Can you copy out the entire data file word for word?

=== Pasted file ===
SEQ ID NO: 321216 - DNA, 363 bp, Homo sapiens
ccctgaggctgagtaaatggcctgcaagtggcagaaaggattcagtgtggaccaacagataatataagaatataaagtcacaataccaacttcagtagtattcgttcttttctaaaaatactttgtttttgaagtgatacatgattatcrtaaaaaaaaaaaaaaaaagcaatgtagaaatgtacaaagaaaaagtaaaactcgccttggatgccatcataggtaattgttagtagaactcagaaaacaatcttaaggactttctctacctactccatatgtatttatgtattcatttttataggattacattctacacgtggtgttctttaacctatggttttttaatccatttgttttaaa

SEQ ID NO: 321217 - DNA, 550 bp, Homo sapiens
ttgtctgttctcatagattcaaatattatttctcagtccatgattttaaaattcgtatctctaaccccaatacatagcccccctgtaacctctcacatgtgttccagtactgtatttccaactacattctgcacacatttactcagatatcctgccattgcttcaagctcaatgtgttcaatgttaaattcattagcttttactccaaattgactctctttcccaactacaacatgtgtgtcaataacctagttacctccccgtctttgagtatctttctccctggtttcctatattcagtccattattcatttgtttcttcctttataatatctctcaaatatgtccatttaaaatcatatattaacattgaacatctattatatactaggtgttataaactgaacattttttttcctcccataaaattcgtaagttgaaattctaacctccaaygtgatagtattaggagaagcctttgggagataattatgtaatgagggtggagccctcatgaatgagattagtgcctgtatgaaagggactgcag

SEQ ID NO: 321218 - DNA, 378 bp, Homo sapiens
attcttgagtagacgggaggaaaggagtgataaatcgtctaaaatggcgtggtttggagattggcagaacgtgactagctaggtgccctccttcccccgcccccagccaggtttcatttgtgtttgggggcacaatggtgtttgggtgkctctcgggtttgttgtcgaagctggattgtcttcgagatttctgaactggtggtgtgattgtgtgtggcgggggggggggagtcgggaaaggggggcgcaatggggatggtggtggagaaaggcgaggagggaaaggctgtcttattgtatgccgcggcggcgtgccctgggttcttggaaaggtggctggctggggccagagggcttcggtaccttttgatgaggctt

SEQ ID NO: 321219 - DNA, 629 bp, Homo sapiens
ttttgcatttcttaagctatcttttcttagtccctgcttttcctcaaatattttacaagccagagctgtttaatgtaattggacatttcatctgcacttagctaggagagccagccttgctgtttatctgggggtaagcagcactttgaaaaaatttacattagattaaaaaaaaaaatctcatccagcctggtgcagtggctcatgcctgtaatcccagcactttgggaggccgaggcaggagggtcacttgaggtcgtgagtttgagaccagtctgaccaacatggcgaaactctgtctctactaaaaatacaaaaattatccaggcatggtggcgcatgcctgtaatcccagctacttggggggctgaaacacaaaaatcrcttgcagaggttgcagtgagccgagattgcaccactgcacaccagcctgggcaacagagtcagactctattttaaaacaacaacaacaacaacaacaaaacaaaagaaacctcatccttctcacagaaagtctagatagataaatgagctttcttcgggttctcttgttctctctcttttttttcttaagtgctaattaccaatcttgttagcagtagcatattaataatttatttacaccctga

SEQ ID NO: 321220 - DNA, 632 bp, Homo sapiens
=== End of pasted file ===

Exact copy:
SEQ ID NO: 321216 - DNA, 363 bp, Homo sapiens
ccctgaggctgagtaaatggcctgcaagtggcagaaaggattcagtgtggaccaacagataatataagaatataaagtcacaataccaacttcagtagtattcgttcttttctaaaaatactttgtttttgaagtgatacatgattatcrtaaaaaaaaaaaaaaaaagcaatgtagaaatgtacaaagaaaaagtaaaactcgccttggatgccatcataggtaattgttagtagaactcagaaaacaatcttaaggactttctctacctactccatatgtatttatgtattcatttttataggattacattctacacgtggtgttctttaacctatggttttttaatccatttgttttaaa

SEQ ID NO: 321217 - DNA, 550 bp, Homo sapiens
ttgtctgttctcatagattcaaatattatttctcagtccatgattttaaaattcgtatctctaaccccaatacatagcccccctgtaacctctcacatgtgttccagtactgtatttccaactacattctgcacacatttactcagatatcctgccattgcttcaagctcaatgtgttcaatgttaaattcattagcttttactccaaattgactctctttcccaactacaacatgtgtgtcaataacctagttacctccccgtctttgagtatctttctccctggtttcctatattcagtccattattcatttgtttcttcctttataatatctctcaaatatgtccatttaaaatcatatattaacattgaacatctattatatactaggtgttataaactgaacattttttttcctcccataaaattcgtaagttgaaattctaacctccaaygtgatagtattaggagaagcctttgggagataattatgtaatgagggtggagccctcatgaatgagattagtgcctgtatgaaagggactgcag

SEQ ID NO: 321218 - DNA, 378 bp, Homo sapiens
attcttgagtagacgggaggaaaggagtgataaatcgtctaaaatggcgtggtttggagattggcagaacgtgactagctaggtgccctccttcccccgcccccagccaggtttcatttgtgtttgggggcacaatggtgtttgggtgkctctcgggtttgttgtcgaagctggattgtcttcgagatttctgaactggtggtgtgattgtgtgtggcgggggggggggagtcgggaaaggggggcgcaatggggatggtggtggagaaaggcgaggagggaaaggctgtcttattgtatgccgcggcggcgtgccctgggttcttggaaaggtggctggctggggccagagggcttcggtaccttttgatgaggctt

SEQ ID NO: 321219 - DNA, 629 bp, Homo sapiens
ttttgcatttcttaagctatcttttcttagtccctgcttttcctcaaatattttacaagccagagctgtttaatgtaattggacatttcatctgcacttagctaggagagccagccttgctgtttatctgggggtaagcagcactttgaaaaaatttacattagattaaaaaaaaaaatctcatccagcctggtgcagtggctcatgcctgtaatcccagcactttgggaggccgaggcaggagggtcacttgaggtcgtgagtttgagaccagtctgaccaacatggcgaaactctgtctctactaaaaatacaaaaattatccaggcatggtggcgcatgcctgtaatcccagctacttggggggctgaaacacaaaaatcrcttgcagaggttgcagtgagccgagattgcaccactgcacaccagcctgggcaacagagtcagactctattttaaaacaacaacaacaacaacaacaaaacaaaagaaacctcatccttctcacagaaagtctagatagataaatgagctttcttcgggttctcttgttctctctcttttttttcttaagtgctaattaccaatcttgttagcagtagcatattaataatttatttacaccctga

SEQ ID NO: 321220 - DNA, 632 bp, Homo sapiens